I currently use the following method to generate a different password on every website I have to login:

password = SHA1 ( mainPassword . domainName . number )

where . stands for concatenation.

Here are my questions:

  1. Is this secure enough?
    I mean, if somebody knows my algorithm and one or many passwords, could he find easily one of my other passwords? Up until now, most people I contacted believe it is true, but I didn't get any real strong certitude.
  2. (Related to question 1) When one of my passwords is compromised, I just increment the number. Is this enough?
  3. Now, as many people suggested, SHA-1 can be a bit too weak and many proposed to use bcrypt or even better scrypt. But, as I understand these two algorithms, it is more about encrypting than hashing. Is it secure to use the following passwords?

    SHA1( SHA1( … SHA1( str ) … ))

Here is my reasoning:

  • It is difficult to retrieve str, knowing sha1(str).
  • I hope that to retrieve str knowing sha1(sha1(str)) one must do twice of the work.
  • Therefore retrieving str from sha1n(str) should be n times as difficult than to retrieve sha1(str).

I am almost sure there won't be any proof of this. But could I consider this method safe enough?

The problem is just to have a very good algorithm similar to bcrypt or scrypt for hashes without the nightmare of finding a correct implementation in all languages I used to implement this (JavaScript, Objective-C, shell script using openssl).

  • $\begingroup$ Is this a way to create passwords for personal use? (like on your bank website) or a way to 'secure' your website? $\endgroup$
    – Cpfohl
    Aug 10, 2011 at 18:51
  • $\begingroup$ The idea is to use a large N. Just to make about 1 second on a standard computer. For what I understood, it is the idea behind bcrypt. $\endgroup$
    – yogsototh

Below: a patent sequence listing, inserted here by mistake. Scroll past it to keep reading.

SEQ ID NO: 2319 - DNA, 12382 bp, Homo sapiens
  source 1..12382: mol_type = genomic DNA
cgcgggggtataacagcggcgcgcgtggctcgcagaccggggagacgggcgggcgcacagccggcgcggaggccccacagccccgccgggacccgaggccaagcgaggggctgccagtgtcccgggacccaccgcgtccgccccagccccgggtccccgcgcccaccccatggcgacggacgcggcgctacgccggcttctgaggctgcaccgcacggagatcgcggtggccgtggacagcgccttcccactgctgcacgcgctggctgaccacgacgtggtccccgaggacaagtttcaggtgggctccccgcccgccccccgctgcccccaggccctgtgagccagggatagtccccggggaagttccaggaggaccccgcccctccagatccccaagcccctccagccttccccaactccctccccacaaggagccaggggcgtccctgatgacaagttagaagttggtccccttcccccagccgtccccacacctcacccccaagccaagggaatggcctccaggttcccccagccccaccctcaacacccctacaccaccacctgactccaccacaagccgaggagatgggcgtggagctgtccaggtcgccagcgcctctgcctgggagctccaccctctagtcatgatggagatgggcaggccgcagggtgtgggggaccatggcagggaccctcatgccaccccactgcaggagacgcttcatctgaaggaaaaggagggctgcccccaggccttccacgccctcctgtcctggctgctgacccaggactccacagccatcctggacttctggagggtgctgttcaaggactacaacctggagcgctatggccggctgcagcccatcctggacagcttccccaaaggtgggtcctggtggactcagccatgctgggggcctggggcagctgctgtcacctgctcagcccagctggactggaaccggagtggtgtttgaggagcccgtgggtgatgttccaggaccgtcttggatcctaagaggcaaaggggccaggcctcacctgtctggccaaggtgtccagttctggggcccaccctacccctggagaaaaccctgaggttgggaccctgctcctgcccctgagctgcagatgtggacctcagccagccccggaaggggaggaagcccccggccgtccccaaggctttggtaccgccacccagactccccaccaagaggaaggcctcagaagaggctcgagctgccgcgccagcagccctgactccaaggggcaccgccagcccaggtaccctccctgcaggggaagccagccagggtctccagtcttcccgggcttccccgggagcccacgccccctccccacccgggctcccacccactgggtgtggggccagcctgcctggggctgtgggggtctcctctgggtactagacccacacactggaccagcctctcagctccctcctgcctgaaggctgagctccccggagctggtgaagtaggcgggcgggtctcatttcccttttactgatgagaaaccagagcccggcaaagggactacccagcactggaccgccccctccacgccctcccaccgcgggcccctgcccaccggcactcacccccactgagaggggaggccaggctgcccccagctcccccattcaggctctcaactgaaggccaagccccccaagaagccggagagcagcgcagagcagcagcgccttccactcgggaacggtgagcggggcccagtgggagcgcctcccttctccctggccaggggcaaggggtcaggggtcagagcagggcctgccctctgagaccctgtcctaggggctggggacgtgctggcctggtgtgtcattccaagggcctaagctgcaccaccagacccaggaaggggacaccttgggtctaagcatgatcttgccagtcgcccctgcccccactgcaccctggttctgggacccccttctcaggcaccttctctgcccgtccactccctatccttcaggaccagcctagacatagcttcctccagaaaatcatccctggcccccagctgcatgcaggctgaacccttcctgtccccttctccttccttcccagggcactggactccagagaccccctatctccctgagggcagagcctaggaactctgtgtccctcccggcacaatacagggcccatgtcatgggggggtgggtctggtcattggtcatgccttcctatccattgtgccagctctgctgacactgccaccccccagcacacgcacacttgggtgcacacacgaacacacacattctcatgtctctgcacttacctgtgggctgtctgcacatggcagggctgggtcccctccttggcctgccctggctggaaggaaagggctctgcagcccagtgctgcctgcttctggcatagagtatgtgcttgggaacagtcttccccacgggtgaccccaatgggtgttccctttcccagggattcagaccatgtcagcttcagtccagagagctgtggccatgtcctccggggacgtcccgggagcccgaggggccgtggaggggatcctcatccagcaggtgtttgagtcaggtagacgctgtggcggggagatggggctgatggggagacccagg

Aug 10, 2011 at 18:56
  • $\begingroup$ This is a way to create password for personal use (like bank website). $\endgroup$
    – yogsototh
    Aug 10, 2011 at 18:56

6 Answers 6


Systems that do this already exist, such as SuperGenPass. To address your questions in order:

I mean if somebody know my algorithm and one or many passwords, could he find easily one of my other password?

Easily? No. As long as SHA1 remains a secure hash function (which is currently the case, but all hash functions have a lifetime), the only way for an attacker to determine your master password is with a brute force attack, trying every possible master password and determining if it generates the observed per-site password. Naturally, the secrecy and amount of entropy in your master password is critical in this scheme: If they can easily guess it, or find it out via other means, the attacker can generate any per-site password.

What you are trying to do, however, is better served by a construction called an HMAC. HMACs take a key and a message, and are specifically designed to resist certain attacks, and be robust even in the face of certain weaknesses in the underlying hash.

When one of my password is compromised, I just increment the number. Is it enough?

Subject to the caveats above (SHA1 is still secure, and you use an HMAC instead of just SHA1 with concatenation), yes. It's a property of a secure hash function that finding a preimage is difficult, and that there's no observable relationship between similar plaintexts, after hashing.

Here is my idea: - It is difficult to retrieve str knowing sha1(str) - I hope to retrieve str knowing sha1(sha1(str)) one must do twice of the work. - Therefore retrieving str from sha1^n(str) should be n times as difficult than to retrieve sha1(str).

What you describe is called key stretching, and it does indeed make brute force attacks more difficult. If you're going to use it, you should use an established scheme like bcrypt (uses Blowfish, as you observe), scrypt (iterates SHA1 or another hash function), or PBKDF2. Of the three, PBKDF2 is likely the simplest to implement. scrypt is newer and less tested, but purports to improve on both other schemes by making brute force attacks using dedicated hardware (which usually result in a significant speedup over using a CPU) much harder.


password = sha1 ( mainPassword . domainName . number ) Is this secure enough?